In the past three months alone, tens of millions of people have been victims of data breaches. From the recent Target breach, which affected 70 million names, home addresses, email addresses, and phone numbers along with 40 million debit and credit accounts, to the Neiman Marcus breach which affected 1.1 million credit cards from customers who made in-store purchases, universities are equally as vulnerable. On February 19, 2014, the University of Maryland announced that 300,000 records of students, staff, and faculty were stolen in a cyber-attack. These all came on the heels of security breaches at other retailers in the last six months of 2013 including those at Walgreens, Adobe, Walmart, Michaels, and Nordstrom. Data vulnerability is an alarming, daily reality.
Though the investigation continues to determine how these data breaches happened, they generally stem from attackers who insert malicious software into the weak systems of retailers, corporations, and universities.
On February 4, 2014, the Senate Judiciary Committee held a hearing to discuss several policy changes to better protect consumers. One such change is pushing for more secure credit and debit cards. Visa and Mastercard are in the process of transitioning to the more secure credit and debit system, which Europe and parts of Asia have been using for nearly twenty years. Instead of payment data being stored on the magnetic strip, it is stored in a chip. The chip is encrypted, requires a pin to verify the customer’s identity, and is difficult to counterfeit.
Visa and Mastercard have long been advocating for the chip-and-pin cards. The two corporations have set an October 2015 deadline for banks and retailers to transition to the new system and to issue credit card holders the new cards. If banks and retailers do not comply by October 2015, Visa and Mastercard have asserted that they will no longer accept liability for the costs of fraud if a breach occurs. Nonetheless, critics acknowledge that this one change will not suffice. At a minimum, the chip-and-pin cards do not protect consumers from fraud in online purchases.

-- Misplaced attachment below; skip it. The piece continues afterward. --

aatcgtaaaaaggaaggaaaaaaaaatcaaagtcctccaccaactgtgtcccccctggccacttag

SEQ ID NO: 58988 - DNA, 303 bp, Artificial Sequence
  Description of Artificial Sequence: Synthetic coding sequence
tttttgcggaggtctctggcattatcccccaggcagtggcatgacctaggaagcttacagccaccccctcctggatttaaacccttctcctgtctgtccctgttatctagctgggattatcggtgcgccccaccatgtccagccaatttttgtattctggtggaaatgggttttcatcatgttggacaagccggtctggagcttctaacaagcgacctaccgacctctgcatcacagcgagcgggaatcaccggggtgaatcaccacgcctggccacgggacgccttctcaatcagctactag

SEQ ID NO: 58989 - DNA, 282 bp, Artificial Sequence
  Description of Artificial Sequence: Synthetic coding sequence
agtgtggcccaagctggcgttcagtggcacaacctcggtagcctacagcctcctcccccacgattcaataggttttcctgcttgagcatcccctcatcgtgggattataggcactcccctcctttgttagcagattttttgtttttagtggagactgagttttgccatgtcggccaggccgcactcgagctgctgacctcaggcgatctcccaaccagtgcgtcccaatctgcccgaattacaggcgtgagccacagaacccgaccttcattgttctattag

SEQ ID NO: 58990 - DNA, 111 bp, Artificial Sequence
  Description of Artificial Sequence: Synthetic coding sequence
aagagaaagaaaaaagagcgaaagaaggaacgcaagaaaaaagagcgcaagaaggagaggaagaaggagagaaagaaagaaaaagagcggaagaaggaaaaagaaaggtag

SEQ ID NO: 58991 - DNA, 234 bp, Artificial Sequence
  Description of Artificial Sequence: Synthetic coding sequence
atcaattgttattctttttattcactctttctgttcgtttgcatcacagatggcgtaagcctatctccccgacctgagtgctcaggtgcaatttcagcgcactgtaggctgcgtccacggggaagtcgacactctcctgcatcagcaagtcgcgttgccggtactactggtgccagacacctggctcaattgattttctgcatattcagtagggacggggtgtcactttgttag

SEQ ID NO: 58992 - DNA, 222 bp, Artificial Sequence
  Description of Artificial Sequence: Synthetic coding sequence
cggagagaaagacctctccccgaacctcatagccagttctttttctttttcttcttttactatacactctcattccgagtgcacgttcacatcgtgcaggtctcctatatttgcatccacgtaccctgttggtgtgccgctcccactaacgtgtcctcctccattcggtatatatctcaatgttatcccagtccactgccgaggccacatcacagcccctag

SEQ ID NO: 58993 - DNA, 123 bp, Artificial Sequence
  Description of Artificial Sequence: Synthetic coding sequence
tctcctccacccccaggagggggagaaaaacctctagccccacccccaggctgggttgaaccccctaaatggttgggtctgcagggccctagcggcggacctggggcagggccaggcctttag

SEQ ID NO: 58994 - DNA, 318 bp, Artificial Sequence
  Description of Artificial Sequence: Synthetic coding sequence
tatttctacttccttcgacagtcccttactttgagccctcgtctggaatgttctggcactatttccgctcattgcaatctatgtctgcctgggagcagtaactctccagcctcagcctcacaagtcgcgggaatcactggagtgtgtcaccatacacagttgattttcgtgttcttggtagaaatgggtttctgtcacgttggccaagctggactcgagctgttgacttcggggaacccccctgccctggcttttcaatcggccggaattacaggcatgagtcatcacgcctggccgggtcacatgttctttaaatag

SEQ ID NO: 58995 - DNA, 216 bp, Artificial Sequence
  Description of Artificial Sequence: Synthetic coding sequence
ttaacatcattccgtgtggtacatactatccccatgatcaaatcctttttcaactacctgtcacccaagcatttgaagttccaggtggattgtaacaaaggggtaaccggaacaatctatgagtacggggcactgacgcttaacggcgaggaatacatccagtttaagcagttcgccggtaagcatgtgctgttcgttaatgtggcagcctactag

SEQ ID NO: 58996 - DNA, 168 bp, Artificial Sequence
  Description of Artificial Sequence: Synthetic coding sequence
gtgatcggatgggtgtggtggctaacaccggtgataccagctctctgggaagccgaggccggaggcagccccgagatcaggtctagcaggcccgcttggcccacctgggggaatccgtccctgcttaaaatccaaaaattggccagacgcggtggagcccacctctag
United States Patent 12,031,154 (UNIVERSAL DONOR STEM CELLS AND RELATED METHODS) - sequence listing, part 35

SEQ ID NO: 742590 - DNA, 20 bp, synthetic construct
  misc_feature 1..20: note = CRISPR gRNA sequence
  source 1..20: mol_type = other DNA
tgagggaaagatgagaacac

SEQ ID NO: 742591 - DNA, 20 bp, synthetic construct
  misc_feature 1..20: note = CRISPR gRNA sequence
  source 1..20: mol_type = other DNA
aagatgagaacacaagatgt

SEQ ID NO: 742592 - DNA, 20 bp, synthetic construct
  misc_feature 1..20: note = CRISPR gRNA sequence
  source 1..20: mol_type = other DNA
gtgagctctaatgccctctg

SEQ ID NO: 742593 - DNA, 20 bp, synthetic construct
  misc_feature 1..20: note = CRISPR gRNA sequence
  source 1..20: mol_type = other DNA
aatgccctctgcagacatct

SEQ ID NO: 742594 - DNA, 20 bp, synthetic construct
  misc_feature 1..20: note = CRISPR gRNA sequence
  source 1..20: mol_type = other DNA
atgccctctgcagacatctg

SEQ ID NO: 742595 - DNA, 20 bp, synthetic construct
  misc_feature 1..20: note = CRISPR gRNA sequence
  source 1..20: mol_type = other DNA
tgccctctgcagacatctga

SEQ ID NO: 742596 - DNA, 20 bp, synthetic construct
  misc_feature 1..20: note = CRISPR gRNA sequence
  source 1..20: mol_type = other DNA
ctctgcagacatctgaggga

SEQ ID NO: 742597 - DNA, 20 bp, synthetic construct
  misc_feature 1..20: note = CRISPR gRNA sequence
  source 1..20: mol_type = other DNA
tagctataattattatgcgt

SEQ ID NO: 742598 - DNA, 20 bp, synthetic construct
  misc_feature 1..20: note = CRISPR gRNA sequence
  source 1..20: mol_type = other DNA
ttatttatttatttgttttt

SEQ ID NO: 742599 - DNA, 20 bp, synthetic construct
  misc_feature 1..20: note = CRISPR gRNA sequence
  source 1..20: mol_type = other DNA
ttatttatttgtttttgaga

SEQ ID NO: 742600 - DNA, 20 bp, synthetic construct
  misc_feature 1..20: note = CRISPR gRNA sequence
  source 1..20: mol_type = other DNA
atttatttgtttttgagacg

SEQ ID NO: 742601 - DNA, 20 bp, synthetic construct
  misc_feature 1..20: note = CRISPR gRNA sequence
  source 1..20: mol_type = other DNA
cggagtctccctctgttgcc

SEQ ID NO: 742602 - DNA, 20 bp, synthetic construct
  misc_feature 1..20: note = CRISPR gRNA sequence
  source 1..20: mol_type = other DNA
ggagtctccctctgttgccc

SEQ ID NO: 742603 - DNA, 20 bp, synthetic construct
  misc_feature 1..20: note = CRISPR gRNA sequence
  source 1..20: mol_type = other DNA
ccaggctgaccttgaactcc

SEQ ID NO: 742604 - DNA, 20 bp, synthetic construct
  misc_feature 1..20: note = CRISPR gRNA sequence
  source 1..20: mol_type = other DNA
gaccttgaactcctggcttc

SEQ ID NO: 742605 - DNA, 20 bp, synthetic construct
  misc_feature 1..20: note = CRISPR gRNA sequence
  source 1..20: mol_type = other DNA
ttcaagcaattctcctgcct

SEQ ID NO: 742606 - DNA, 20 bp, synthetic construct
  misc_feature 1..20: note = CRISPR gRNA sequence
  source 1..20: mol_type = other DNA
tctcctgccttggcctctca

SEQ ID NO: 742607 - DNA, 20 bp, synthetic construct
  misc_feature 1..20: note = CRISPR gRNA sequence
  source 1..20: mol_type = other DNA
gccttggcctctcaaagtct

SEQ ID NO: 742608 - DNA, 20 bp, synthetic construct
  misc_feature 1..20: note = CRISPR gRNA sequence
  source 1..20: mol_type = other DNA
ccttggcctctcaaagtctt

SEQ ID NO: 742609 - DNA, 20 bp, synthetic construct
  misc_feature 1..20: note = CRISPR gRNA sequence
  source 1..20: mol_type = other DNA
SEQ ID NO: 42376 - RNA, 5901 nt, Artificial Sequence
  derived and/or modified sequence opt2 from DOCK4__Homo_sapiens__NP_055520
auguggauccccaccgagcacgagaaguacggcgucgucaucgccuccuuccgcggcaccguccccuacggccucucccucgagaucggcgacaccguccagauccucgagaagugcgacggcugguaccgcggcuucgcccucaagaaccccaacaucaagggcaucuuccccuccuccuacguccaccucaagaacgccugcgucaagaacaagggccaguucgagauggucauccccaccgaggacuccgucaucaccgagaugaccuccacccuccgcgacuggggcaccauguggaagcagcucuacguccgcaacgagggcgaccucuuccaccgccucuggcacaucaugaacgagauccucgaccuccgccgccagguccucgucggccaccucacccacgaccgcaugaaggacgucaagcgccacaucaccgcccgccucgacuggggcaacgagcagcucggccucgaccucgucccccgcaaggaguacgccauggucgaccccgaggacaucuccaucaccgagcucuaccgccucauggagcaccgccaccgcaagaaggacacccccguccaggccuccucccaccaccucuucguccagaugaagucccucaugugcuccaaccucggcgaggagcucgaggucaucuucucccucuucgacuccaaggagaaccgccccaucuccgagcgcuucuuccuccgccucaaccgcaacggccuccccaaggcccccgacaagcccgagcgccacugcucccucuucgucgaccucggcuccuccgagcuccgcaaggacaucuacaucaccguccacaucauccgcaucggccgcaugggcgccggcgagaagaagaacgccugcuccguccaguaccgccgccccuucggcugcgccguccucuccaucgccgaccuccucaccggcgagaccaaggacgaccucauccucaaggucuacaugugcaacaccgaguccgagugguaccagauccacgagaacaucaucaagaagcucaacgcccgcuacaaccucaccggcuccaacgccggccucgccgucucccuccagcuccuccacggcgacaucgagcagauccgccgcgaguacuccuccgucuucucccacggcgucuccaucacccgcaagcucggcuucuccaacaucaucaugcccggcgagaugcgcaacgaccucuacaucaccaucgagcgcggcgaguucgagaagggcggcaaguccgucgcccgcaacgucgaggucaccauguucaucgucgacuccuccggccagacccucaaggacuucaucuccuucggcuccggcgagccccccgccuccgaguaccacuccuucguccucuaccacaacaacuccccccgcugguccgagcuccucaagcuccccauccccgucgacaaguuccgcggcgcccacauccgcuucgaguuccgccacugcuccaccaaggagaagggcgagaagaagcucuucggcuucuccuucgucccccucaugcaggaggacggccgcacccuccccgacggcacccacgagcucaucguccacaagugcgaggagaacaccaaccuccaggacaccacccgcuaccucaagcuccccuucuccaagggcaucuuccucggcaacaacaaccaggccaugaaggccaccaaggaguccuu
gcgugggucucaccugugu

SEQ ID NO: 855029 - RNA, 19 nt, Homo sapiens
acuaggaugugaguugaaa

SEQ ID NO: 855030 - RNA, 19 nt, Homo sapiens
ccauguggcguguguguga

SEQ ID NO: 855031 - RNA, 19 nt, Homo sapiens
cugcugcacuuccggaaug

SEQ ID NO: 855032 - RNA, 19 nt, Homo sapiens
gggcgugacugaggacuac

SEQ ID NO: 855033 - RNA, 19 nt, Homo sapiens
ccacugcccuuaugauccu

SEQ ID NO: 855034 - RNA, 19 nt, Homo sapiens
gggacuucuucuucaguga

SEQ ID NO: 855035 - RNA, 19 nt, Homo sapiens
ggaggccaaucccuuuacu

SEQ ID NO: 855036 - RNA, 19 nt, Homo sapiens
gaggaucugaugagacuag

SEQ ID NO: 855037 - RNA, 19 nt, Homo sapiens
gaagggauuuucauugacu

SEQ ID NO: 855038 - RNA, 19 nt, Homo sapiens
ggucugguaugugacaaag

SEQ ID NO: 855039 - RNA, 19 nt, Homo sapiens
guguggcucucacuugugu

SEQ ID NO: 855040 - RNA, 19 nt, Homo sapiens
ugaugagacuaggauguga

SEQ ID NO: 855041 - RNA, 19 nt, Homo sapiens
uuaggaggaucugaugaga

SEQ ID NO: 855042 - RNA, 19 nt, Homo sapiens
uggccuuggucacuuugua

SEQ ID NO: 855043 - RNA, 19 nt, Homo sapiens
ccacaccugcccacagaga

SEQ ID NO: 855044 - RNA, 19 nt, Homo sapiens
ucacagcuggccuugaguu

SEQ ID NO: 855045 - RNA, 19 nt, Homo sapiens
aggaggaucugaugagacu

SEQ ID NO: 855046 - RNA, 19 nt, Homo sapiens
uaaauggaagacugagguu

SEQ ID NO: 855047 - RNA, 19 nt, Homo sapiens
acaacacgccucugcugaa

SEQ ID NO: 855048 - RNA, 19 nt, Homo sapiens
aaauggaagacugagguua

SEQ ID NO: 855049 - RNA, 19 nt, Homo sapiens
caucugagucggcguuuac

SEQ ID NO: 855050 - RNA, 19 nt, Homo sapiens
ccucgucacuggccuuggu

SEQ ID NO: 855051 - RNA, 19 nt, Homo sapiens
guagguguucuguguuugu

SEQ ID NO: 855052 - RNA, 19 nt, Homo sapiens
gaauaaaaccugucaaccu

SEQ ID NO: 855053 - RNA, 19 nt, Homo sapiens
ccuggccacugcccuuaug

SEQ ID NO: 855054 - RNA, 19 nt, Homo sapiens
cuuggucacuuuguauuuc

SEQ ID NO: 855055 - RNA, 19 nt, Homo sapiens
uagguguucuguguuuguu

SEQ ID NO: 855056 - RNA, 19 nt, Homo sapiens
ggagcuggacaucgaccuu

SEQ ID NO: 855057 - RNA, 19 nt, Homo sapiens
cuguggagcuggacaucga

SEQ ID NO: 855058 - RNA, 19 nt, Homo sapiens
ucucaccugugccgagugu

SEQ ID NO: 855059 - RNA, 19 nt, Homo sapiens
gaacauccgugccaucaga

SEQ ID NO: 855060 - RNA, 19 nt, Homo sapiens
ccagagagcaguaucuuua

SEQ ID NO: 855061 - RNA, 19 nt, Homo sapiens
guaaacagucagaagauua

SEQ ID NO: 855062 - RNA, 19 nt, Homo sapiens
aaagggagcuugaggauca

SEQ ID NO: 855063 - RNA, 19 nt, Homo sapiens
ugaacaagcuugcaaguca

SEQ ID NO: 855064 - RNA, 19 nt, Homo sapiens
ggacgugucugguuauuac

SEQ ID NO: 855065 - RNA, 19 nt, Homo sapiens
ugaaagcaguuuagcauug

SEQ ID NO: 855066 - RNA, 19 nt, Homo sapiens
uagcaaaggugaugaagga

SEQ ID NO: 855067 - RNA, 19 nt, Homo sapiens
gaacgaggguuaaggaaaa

Additionally, the Obama administration recommended a federal standard to require businesses to promptly report thefts of electronic personal information. Simultaneously, the Federal Trade Commission has been advocating for a federal data security and breach notification law.
Senators Al Franken of Minnesota and Patrick Leahy of Vermont are co-sponsoring the Personal Data Privacy and Security Act, which includes stricter disclosure and security standards. Opponents argue, though, that the swiftly changing technology field would not benefit: a federal regulation would potentially become ineffective within a short time period.
Verizon recently released a report, concluding that many businesses fail to comply 100% of the time with the standards set by the Payment Card Industry Security Standards Council (an organization founded by the major credit card companies). The report states, “Criminals only need one chink in your company’s armor to get in . . . Some companies still treat compliance as a one-off annual scramble . . . But if you don’t work at compliance, just one new uncontrolled Wi-Fi access point, unprotected admin account or unencrypted drive could take you out of compliance.”
Nevertheless, underlying these potential changes is the reality that data hacking has turned into a sophisticated business and will not be defeated with one or two changes. One immediate step that many companies, universities, and banks can take is to make sure any sensitive data is immediately encrypted. A process known as point-to-point encryption encrypts credit card data as soon as it is swiped at a retailer. Currently, encryption is not immediate and typically leaves an open window for attackers to steal information.
The grim reality is that nearly one-third of the United States population has been victim to data breaches. It is no denying that cyber-security poses a real and imminent threat and requires long-term, comprehensive solutions.